IRS TAX AUDIT
ABOUT IRS TAX AUDITS
You received a letter from the IRS and your heart drops. The IRS has selected your tax return for IRS audit. What do you do? Why was your return selected? How do you respond? Do you need to hire help? Learn the IRS tax audit process before responding.
WHY WAS MY TAX RETURN SELECTED FOR AN IRS TAX AUDIT?
Generally, your tax return was selected for an IRS tax audit because it triggered a red flag and the IRS believes there is a possible problem with your tax return.
The IRS uses a computer program to review all tax returns. The measurement used is called Discriminant Index Function (DIF) score. Tax returns with a high DIF score will be set aside, and the IRS will select tax returns from this group for IRS Tax Audit.
Example – A taxpayer has a job and earns $100,000. The taxpayer donates to his or her local church. The taxpayer writes off $15,000 in charitable contributions on the tax return. The IRS computer program compares all tax returns with people making $100,000 and giving money to the church. The IRS determines that people making $100,000, on average, donate $5,000 to their local church. The taxpayer with a $100,000 job and donating $15,000 is above the average. This IRS tax return gets a high DIF score and triggers a red flag, which could result in an IRS tax audit.
We do not recommend reducing write-offs so you get a low DIF score. You should write off $15,000 donated to the local church as long as you keep records of the donations.
IRS TAX AUDIT TYPES
- By-Mail or Correspondence Audit – The IRS will send you a letter asking for additional documentation. The IRS will request that all documentation be mailed to the IRS.
- Returning to the church donation example, if the IRS is auditing the taxpayer who donated $15,000 to the local church, they will a letter asking for proof of the donations. If proof is not provided, then the IRS will remove the donation write-off and charge additional taxes. If proof is provided, then the IRS will close the file.
- In-Office Audit – Your tax return will be assigned to an IRS Examiner or Revenue Agent. You will meet with the Revenue Agent at the IRS office.
- This type of audit is more complicated than the by-mail IRS tax audit. This type of audit is done when IRS believes there are multiple problems with your tax return.
- Field Audit – Your tax return will be assigned to a more experienced IRS Examiner or Revenue Agent. The IRS Revenue Agent will request that the IRS tax audit be done at your home or place of business.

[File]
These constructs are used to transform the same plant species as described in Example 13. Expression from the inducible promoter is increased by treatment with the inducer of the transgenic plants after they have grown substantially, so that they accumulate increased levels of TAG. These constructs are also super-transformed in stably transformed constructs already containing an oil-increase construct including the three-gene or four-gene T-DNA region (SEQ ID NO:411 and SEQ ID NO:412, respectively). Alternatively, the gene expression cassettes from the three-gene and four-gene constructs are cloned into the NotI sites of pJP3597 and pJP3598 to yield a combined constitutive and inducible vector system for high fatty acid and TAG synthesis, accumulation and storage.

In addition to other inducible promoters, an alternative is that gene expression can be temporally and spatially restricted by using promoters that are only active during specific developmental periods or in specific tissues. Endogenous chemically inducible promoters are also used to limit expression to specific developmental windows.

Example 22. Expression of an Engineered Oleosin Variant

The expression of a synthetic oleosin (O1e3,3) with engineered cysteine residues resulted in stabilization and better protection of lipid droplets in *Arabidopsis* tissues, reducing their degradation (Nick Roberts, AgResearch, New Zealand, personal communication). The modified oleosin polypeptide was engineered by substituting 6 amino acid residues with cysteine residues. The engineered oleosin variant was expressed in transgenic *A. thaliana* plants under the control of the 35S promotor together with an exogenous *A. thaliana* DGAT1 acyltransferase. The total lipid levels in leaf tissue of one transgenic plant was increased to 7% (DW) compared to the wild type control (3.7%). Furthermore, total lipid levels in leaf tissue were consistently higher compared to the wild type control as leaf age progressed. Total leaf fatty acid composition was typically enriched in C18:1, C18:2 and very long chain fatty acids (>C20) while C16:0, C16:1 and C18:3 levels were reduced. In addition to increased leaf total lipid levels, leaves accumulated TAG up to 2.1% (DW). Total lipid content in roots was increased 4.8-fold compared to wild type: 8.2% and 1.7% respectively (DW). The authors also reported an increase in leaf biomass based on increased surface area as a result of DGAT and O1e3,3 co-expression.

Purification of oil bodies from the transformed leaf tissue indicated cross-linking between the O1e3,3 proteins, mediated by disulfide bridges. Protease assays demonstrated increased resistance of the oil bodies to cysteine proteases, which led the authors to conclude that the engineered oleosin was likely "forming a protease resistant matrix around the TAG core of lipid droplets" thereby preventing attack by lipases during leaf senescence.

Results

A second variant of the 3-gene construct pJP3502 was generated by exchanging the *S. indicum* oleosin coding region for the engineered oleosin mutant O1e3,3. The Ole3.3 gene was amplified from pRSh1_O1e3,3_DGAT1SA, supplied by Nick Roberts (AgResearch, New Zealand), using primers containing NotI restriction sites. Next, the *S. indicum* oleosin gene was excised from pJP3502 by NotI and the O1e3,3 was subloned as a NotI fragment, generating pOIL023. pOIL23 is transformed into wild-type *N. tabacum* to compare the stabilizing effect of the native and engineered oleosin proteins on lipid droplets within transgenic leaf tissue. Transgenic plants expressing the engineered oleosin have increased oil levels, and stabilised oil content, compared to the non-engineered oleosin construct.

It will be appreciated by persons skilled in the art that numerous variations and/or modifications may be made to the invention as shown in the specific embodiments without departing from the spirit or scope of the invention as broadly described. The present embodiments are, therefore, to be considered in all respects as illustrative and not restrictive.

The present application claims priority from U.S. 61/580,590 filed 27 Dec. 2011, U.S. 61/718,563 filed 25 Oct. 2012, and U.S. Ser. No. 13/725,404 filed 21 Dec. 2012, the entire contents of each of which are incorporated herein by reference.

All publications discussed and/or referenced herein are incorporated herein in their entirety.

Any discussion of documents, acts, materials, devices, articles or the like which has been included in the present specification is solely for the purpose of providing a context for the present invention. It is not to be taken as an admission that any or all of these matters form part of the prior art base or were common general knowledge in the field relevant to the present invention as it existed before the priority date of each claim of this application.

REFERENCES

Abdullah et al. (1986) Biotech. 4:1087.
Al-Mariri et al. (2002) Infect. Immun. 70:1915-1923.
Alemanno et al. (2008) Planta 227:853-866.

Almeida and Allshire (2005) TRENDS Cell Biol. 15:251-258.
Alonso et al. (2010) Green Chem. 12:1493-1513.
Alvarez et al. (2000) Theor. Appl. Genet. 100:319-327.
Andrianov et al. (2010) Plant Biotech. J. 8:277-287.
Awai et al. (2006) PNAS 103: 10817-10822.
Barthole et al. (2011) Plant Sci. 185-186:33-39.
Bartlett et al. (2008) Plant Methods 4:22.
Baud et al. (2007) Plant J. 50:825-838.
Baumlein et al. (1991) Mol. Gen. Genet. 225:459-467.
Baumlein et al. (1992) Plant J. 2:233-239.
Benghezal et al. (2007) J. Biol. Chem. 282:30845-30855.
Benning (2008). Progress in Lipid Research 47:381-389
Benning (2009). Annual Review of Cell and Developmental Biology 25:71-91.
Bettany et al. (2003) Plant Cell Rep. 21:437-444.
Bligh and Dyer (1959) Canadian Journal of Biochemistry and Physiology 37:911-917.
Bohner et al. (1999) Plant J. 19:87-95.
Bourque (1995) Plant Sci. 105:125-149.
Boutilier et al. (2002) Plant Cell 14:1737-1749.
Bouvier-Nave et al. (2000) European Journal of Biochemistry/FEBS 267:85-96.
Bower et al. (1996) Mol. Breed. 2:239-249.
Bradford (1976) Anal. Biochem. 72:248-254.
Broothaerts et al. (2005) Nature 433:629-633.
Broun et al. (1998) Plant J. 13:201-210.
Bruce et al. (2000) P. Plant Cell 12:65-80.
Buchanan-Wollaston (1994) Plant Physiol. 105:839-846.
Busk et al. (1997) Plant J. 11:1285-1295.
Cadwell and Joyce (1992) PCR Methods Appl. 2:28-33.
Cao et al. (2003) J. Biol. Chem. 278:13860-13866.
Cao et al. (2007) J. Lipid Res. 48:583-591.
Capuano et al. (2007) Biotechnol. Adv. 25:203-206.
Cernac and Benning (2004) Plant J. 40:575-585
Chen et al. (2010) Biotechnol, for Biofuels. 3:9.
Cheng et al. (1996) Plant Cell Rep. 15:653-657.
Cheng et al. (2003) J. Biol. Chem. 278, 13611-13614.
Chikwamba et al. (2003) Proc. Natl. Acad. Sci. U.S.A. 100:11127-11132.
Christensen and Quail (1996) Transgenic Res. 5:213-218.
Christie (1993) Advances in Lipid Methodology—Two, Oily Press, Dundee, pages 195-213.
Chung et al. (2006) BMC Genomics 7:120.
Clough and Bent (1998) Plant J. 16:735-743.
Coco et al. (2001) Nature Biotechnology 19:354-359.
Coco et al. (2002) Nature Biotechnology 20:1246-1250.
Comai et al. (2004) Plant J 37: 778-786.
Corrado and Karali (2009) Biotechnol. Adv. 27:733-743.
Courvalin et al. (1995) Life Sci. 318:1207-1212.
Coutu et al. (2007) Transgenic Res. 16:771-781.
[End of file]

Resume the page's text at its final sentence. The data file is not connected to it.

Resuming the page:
- This is the worse type of audit. If you are selected for a field audit, the IRS believes there are MAJOR problems with your tax return.
- Random Audit – Your return was not selected for an audit because of possible issues. The IRS randomly selected it. Your tax return will be assigned to an IRS Examiner or Revenue Agent. The IRS tax audit will take place at either the IRS office, at your home, or place of business.
- The IRS will go over everything reported on the tax return
IRS TAX AUDIT 7 PROCESS STEPS
- You are notified your tax return was selected for IRS tax audit.
- The IRS will explain your rights.
- A right to professional and courteous treatment by IRS employees
- A right to privacy and confidentiality about tax matters
- A right to know why the IRS is asking for information, how the IRS will use it, and what will happen if the requested information is not provided
- A right to representation, by oneself or by an authorized representative
- A right to appeal disagreements, both within the IRS and before the courts
- For by-mail IRS tax audits, the IRS will request that you provide proof by a specified date. For all other IRS tax audit types, the IRS will set up an appointment with you.
- At the IRS tax audit meeting, the IRS will review your documentation. (Note: You may have only one meeting or several meetings)
- Depending on multiple factors, it could take 30 days to 6 months to complete the IRS tax audit.
- The IRS will issue you a report of proposed changes.
- You will have an option to agree or disagree with the report.
- If you agree with the report, the IRS will bill you.
- If you do not agree with the report, you will have the option to appeal the decision or go to tax court.